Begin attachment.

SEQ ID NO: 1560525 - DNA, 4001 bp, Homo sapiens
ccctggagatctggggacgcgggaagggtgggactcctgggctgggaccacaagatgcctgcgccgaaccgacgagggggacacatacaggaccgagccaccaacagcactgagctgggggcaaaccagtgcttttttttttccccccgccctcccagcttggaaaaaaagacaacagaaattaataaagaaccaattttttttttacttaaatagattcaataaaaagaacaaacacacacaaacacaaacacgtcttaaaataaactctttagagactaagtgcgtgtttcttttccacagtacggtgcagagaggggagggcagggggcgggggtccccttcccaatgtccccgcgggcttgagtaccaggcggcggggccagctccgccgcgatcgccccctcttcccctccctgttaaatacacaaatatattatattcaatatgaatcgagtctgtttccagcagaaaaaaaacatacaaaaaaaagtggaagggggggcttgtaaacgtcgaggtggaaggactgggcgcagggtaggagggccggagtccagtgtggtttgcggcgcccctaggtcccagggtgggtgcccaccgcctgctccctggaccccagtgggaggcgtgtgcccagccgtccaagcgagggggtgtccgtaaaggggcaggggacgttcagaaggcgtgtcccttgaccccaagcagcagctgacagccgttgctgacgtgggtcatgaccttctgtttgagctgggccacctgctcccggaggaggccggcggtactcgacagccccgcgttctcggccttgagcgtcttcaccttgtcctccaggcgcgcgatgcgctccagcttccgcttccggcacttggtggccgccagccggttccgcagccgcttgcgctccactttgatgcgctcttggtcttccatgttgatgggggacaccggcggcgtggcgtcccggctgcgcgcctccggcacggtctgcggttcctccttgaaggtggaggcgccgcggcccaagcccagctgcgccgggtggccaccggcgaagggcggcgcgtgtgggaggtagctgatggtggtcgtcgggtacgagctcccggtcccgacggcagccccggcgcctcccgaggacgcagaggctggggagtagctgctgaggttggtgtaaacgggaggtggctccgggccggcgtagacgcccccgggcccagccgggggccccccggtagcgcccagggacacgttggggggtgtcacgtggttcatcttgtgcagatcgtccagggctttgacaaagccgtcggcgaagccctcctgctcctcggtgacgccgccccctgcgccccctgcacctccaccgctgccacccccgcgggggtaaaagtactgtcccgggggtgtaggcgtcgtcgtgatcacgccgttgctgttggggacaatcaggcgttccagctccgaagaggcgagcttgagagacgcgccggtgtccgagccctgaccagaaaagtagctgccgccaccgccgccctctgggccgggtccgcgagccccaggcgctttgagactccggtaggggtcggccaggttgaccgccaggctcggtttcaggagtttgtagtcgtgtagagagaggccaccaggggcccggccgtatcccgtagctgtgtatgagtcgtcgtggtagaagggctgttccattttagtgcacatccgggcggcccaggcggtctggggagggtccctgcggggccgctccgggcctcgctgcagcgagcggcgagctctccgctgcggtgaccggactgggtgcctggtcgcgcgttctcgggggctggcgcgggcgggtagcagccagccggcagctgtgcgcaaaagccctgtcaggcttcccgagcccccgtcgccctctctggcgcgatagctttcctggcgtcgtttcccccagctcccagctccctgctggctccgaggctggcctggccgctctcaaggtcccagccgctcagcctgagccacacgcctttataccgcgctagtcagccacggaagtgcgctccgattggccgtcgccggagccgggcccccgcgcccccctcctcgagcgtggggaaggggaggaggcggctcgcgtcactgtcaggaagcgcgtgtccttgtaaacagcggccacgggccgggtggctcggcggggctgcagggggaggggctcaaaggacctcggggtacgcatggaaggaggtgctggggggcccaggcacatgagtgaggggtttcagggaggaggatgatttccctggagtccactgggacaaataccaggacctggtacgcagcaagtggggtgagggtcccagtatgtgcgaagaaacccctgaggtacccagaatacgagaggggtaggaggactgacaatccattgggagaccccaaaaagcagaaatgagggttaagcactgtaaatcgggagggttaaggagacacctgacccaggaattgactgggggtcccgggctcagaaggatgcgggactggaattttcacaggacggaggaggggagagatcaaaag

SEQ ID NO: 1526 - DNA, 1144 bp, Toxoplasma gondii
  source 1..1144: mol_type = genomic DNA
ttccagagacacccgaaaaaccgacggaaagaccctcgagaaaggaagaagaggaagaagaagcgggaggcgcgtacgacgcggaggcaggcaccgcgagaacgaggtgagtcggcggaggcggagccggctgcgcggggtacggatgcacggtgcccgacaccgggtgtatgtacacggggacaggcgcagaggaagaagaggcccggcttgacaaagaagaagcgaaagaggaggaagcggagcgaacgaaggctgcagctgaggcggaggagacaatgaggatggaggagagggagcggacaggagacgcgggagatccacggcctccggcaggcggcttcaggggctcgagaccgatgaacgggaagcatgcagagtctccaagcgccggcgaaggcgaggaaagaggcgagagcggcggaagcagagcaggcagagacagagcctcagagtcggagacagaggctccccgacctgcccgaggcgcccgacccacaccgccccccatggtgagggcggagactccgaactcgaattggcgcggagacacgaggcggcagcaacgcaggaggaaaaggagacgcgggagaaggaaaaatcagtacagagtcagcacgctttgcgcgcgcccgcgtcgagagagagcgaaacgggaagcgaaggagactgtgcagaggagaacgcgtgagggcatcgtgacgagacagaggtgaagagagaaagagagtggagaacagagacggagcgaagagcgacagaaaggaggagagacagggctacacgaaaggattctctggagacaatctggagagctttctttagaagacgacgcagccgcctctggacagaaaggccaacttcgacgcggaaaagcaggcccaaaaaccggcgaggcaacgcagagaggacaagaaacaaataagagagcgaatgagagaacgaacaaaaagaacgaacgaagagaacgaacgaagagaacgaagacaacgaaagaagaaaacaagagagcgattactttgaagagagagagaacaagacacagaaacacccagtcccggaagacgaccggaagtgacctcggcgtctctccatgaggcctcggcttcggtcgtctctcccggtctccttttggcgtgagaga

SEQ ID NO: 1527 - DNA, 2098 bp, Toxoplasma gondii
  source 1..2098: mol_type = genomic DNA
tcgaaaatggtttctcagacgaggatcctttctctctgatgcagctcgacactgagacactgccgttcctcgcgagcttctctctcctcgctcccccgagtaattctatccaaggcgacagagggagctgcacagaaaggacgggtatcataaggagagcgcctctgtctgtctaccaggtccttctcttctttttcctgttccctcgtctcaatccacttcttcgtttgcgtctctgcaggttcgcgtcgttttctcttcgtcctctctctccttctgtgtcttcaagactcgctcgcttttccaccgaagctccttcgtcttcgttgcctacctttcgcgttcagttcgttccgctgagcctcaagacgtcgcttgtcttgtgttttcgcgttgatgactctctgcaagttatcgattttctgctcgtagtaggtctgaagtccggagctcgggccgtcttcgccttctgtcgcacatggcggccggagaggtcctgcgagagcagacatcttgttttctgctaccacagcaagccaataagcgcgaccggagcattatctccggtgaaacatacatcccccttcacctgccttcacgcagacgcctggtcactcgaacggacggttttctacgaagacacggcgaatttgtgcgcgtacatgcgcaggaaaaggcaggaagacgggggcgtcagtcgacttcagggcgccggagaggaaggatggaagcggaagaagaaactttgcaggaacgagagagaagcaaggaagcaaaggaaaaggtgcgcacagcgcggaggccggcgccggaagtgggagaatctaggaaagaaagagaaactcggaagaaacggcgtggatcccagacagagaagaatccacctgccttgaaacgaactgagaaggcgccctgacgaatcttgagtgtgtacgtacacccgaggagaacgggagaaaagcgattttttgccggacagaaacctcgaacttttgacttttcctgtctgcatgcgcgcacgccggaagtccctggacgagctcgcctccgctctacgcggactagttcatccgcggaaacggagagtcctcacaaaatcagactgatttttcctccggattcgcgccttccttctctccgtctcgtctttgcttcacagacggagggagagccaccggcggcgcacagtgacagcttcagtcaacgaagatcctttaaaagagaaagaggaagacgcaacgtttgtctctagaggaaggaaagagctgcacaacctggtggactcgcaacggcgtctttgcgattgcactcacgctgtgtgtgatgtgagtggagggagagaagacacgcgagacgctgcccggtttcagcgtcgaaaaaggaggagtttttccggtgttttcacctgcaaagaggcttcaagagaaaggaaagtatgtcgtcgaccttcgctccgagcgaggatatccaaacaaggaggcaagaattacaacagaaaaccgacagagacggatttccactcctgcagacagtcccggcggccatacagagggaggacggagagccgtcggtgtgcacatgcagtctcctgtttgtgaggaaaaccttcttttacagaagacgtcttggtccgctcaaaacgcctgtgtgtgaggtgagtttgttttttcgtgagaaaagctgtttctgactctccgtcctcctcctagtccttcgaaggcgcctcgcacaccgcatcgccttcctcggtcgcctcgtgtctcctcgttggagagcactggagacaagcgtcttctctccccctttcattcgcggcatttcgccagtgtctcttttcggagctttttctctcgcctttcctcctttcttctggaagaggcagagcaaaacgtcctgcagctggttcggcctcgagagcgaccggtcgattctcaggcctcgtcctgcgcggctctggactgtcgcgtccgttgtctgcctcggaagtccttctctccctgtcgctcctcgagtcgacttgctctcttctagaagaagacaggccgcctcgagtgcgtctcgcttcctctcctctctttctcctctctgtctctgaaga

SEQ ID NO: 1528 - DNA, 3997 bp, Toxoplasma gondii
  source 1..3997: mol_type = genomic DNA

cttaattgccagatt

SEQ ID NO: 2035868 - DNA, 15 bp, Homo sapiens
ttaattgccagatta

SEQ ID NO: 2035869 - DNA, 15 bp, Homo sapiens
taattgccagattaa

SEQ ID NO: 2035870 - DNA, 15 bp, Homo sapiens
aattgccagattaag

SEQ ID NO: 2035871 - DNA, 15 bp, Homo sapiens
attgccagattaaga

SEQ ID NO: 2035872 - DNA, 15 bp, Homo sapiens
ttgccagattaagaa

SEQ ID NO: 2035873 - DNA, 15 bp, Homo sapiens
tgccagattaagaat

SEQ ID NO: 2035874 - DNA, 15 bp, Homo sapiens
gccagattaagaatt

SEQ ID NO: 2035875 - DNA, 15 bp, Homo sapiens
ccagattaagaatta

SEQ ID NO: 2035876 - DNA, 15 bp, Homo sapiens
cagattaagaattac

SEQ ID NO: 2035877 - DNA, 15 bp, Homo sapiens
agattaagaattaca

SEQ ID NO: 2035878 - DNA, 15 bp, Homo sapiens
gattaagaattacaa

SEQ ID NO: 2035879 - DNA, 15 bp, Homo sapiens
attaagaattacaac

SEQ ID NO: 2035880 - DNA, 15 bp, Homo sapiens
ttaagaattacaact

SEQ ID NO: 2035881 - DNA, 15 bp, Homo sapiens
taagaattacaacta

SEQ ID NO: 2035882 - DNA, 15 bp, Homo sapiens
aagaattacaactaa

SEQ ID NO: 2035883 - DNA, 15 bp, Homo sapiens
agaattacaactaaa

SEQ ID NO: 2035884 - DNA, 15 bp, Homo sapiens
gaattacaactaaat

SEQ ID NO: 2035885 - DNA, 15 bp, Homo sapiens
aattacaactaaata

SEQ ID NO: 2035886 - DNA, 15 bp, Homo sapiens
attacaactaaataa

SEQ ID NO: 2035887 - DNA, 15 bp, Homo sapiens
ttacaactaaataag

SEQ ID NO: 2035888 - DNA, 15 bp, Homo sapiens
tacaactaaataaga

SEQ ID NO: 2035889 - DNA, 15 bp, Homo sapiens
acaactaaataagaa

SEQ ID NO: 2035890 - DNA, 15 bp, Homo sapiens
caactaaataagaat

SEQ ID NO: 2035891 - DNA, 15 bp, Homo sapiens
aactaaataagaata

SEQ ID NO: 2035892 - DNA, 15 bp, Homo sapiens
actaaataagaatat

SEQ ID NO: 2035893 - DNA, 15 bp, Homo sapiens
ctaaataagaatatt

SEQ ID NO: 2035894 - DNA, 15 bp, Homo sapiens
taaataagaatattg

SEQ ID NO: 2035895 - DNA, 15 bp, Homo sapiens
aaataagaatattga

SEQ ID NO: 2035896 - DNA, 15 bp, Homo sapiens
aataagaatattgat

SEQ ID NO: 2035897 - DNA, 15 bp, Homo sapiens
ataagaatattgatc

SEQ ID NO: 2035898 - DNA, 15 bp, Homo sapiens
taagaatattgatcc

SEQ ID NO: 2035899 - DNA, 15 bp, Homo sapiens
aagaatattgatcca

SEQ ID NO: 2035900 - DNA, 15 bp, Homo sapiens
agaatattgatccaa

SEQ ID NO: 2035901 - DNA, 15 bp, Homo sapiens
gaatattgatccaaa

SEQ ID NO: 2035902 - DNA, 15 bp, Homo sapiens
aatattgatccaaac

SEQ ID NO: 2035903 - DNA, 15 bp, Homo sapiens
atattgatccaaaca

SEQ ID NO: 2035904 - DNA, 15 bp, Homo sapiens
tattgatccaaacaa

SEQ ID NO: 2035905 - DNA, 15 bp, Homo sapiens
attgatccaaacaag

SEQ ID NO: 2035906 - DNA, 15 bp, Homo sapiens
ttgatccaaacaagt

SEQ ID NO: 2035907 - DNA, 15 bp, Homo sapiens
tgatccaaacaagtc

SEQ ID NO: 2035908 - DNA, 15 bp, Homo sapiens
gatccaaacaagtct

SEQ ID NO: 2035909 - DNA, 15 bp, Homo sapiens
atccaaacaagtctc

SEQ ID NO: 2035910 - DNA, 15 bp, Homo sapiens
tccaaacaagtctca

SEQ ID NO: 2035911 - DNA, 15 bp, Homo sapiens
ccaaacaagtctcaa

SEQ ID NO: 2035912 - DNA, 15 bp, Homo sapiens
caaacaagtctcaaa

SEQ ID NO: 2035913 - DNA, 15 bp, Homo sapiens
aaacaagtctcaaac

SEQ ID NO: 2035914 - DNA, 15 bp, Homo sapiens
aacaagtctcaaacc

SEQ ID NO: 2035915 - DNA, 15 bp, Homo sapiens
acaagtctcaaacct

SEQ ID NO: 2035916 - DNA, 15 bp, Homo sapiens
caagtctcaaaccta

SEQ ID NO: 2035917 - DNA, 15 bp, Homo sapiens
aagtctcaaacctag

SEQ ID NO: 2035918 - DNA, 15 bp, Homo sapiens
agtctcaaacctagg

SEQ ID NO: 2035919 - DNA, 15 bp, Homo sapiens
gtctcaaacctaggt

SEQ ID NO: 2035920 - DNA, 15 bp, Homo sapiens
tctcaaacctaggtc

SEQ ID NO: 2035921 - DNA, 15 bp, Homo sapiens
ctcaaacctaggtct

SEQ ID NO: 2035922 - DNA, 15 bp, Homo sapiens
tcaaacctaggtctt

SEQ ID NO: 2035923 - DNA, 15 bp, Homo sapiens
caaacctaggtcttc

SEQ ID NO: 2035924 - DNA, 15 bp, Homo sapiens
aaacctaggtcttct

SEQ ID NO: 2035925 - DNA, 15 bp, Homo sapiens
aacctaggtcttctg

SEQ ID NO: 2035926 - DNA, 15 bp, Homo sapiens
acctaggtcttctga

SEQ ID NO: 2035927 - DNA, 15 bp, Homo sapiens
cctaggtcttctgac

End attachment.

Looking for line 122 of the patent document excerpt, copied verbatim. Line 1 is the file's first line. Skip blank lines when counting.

SEQ ID NO: 2035923 - DNA, 15 bp, Homo sapiens